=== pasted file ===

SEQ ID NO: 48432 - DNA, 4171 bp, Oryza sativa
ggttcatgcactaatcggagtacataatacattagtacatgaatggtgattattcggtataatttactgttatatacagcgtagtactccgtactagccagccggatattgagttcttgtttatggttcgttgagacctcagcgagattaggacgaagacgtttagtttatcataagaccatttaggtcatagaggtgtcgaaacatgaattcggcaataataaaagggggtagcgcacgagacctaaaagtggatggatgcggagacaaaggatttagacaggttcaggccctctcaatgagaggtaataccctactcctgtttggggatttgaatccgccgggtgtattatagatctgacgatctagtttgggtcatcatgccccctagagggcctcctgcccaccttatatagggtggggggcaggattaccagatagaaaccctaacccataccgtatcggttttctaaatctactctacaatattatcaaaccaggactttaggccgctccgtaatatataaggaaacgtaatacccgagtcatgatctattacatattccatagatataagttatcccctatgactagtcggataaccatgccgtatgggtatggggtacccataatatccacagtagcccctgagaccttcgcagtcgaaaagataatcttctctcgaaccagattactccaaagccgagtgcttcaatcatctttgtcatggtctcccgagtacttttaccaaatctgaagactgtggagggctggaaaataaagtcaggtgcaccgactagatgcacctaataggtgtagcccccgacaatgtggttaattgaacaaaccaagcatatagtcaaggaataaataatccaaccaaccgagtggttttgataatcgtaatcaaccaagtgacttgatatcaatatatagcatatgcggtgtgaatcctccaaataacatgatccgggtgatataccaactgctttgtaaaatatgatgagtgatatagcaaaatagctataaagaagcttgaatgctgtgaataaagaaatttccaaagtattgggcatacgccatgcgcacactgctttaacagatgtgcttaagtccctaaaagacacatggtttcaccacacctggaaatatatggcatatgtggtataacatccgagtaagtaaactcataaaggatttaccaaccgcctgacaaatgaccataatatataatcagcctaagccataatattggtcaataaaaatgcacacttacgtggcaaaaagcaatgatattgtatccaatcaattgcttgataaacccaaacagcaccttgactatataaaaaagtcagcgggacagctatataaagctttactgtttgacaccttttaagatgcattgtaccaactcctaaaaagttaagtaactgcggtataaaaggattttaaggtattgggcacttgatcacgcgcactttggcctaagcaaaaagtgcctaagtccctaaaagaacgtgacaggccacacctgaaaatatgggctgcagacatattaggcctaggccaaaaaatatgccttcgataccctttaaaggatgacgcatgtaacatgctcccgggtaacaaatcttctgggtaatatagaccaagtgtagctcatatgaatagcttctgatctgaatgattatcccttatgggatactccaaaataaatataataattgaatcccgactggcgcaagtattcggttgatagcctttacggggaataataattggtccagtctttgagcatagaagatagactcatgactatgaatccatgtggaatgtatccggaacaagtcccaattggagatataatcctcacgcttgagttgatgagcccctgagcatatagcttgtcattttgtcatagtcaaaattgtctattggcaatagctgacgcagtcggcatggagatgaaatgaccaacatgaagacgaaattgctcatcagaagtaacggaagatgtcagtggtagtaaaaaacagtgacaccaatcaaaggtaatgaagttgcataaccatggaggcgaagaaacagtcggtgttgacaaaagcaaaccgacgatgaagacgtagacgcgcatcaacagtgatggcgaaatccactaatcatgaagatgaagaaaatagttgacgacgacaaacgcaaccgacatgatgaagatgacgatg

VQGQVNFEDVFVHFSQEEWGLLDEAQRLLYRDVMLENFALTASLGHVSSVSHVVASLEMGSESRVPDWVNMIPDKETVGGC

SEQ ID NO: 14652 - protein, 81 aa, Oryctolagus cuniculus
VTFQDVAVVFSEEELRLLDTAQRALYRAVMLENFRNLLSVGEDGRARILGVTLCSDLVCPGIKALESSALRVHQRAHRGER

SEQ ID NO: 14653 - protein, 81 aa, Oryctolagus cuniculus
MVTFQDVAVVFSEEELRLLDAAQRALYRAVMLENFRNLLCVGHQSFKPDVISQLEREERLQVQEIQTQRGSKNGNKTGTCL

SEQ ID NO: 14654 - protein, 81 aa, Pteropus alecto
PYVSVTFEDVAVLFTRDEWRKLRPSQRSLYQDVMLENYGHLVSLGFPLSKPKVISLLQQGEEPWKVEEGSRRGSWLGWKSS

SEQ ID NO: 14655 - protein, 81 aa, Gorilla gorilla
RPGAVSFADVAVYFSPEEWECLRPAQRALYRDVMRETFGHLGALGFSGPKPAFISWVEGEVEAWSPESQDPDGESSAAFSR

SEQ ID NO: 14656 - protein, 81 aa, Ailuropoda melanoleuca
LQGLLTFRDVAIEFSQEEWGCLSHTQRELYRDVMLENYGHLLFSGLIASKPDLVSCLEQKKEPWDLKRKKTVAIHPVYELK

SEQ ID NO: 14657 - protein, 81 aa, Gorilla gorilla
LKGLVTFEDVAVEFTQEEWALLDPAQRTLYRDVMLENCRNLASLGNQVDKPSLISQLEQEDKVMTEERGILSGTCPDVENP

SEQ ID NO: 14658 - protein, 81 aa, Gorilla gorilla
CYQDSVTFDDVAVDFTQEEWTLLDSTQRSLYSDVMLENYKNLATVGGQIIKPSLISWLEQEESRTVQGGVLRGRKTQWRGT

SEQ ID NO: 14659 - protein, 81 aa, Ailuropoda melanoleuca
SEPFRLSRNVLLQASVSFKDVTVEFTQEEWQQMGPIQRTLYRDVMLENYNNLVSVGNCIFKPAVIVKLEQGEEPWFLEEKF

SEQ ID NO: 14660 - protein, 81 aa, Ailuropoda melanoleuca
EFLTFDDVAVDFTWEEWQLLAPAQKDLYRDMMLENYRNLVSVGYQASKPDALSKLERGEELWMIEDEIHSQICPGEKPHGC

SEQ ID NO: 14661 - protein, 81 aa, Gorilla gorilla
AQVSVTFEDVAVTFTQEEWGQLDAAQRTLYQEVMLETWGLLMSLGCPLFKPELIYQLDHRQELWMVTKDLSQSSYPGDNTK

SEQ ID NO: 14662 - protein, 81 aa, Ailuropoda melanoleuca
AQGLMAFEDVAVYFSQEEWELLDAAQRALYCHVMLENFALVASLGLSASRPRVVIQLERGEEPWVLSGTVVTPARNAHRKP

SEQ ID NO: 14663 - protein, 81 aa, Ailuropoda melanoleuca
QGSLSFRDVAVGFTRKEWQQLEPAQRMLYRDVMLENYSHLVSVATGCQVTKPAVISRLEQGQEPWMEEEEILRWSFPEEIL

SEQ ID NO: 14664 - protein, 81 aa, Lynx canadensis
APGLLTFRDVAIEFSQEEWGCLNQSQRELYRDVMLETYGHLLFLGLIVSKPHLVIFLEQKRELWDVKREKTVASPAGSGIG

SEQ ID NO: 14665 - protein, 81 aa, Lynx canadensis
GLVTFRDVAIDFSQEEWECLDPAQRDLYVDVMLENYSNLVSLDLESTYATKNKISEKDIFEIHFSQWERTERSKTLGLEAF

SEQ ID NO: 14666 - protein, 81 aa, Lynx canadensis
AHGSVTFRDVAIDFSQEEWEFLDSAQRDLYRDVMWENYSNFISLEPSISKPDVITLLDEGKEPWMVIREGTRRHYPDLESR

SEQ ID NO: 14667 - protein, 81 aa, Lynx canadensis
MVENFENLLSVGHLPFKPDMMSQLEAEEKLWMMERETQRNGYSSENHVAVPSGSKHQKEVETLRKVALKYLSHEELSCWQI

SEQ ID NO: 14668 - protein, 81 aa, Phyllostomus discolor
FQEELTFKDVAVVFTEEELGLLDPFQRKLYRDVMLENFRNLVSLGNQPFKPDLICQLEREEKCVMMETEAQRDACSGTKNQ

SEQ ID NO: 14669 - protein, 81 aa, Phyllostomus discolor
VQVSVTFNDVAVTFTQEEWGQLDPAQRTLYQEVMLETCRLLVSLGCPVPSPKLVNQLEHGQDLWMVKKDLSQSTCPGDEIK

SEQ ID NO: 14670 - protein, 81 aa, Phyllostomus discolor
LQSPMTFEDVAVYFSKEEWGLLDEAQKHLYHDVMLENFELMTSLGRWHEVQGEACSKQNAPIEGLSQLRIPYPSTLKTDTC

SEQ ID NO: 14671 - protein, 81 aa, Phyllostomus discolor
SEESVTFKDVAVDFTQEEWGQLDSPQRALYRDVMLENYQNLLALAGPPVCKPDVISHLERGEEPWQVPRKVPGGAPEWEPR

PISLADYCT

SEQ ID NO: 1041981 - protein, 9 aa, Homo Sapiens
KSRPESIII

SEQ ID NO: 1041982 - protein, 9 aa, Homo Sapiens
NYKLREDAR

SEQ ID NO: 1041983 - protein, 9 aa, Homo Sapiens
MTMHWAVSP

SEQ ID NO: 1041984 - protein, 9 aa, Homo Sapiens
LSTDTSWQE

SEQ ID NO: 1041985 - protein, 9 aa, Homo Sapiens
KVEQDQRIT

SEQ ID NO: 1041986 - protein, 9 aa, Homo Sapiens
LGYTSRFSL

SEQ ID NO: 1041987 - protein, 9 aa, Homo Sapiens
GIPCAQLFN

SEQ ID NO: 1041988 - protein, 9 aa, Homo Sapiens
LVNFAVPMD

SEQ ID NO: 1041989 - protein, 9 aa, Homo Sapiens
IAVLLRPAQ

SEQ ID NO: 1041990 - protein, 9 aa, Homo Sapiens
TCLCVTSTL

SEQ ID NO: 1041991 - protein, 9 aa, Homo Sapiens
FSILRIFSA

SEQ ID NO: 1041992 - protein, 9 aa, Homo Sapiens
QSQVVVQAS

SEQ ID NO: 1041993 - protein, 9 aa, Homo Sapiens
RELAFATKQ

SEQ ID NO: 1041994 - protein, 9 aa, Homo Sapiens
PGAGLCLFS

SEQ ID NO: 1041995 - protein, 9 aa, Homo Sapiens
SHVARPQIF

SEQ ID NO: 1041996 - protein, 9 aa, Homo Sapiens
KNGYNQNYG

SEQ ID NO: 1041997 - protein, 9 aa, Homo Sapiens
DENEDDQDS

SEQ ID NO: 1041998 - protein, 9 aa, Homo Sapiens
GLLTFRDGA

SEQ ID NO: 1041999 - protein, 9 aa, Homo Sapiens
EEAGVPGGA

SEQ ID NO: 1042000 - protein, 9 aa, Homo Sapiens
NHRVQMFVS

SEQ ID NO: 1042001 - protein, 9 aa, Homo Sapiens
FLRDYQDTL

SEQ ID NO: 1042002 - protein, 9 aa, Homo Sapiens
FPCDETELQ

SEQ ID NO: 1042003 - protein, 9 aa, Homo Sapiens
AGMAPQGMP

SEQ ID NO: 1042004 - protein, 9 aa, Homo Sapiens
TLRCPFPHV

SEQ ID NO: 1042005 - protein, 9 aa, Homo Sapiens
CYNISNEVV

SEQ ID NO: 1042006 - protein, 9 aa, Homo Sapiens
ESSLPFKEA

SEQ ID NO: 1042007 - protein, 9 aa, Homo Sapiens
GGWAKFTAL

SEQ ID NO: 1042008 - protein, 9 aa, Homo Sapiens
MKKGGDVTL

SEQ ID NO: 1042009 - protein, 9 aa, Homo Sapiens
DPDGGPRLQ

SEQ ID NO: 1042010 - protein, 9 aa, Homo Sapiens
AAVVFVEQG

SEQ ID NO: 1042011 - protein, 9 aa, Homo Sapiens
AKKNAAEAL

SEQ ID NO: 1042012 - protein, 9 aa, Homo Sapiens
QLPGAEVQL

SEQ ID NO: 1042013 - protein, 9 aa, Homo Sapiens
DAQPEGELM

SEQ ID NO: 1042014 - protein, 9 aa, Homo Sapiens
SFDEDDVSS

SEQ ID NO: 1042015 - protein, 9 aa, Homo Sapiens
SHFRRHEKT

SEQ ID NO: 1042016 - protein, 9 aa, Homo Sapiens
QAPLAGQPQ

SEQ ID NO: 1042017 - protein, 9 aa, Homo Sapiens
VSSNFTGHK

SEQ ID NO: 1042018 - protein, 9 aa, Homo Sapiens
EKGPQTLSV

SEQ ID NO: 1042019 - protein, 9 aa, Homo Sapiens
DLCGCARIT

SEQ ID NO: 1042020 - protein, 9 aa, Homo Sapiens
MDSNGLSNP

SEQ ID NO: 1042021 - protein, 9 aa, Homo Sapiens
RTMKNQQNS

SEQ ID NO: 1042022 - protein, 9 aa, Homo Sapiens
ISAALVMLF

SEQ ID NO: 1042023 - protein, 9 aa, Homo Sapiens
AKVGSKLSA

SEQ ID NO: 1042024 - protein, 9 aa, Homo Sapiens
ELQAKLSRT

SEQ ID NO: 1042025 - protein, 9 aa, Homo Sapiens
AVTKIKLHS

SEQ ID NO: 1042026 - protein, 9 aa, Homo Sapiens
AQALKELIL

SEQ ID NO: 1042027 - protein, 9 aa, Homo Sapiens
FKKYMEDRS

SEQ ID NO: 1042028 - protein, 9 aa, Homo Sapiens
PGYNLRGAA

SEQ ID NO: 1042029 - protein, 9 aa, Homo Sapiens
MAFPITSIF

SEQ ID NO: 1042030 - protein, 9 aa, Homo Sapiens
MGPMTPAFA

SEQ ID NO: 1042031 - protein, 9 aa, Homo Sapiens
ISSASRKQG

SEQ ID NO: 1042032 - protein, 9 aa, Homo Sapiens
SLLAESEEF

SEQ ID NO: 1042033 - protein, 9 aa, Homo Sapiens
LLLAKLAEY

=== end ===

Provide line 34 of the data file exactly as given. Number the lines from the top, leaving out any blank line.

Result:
SEQ ID NO: 14667 - protein, 81 aa, Lynx canadensis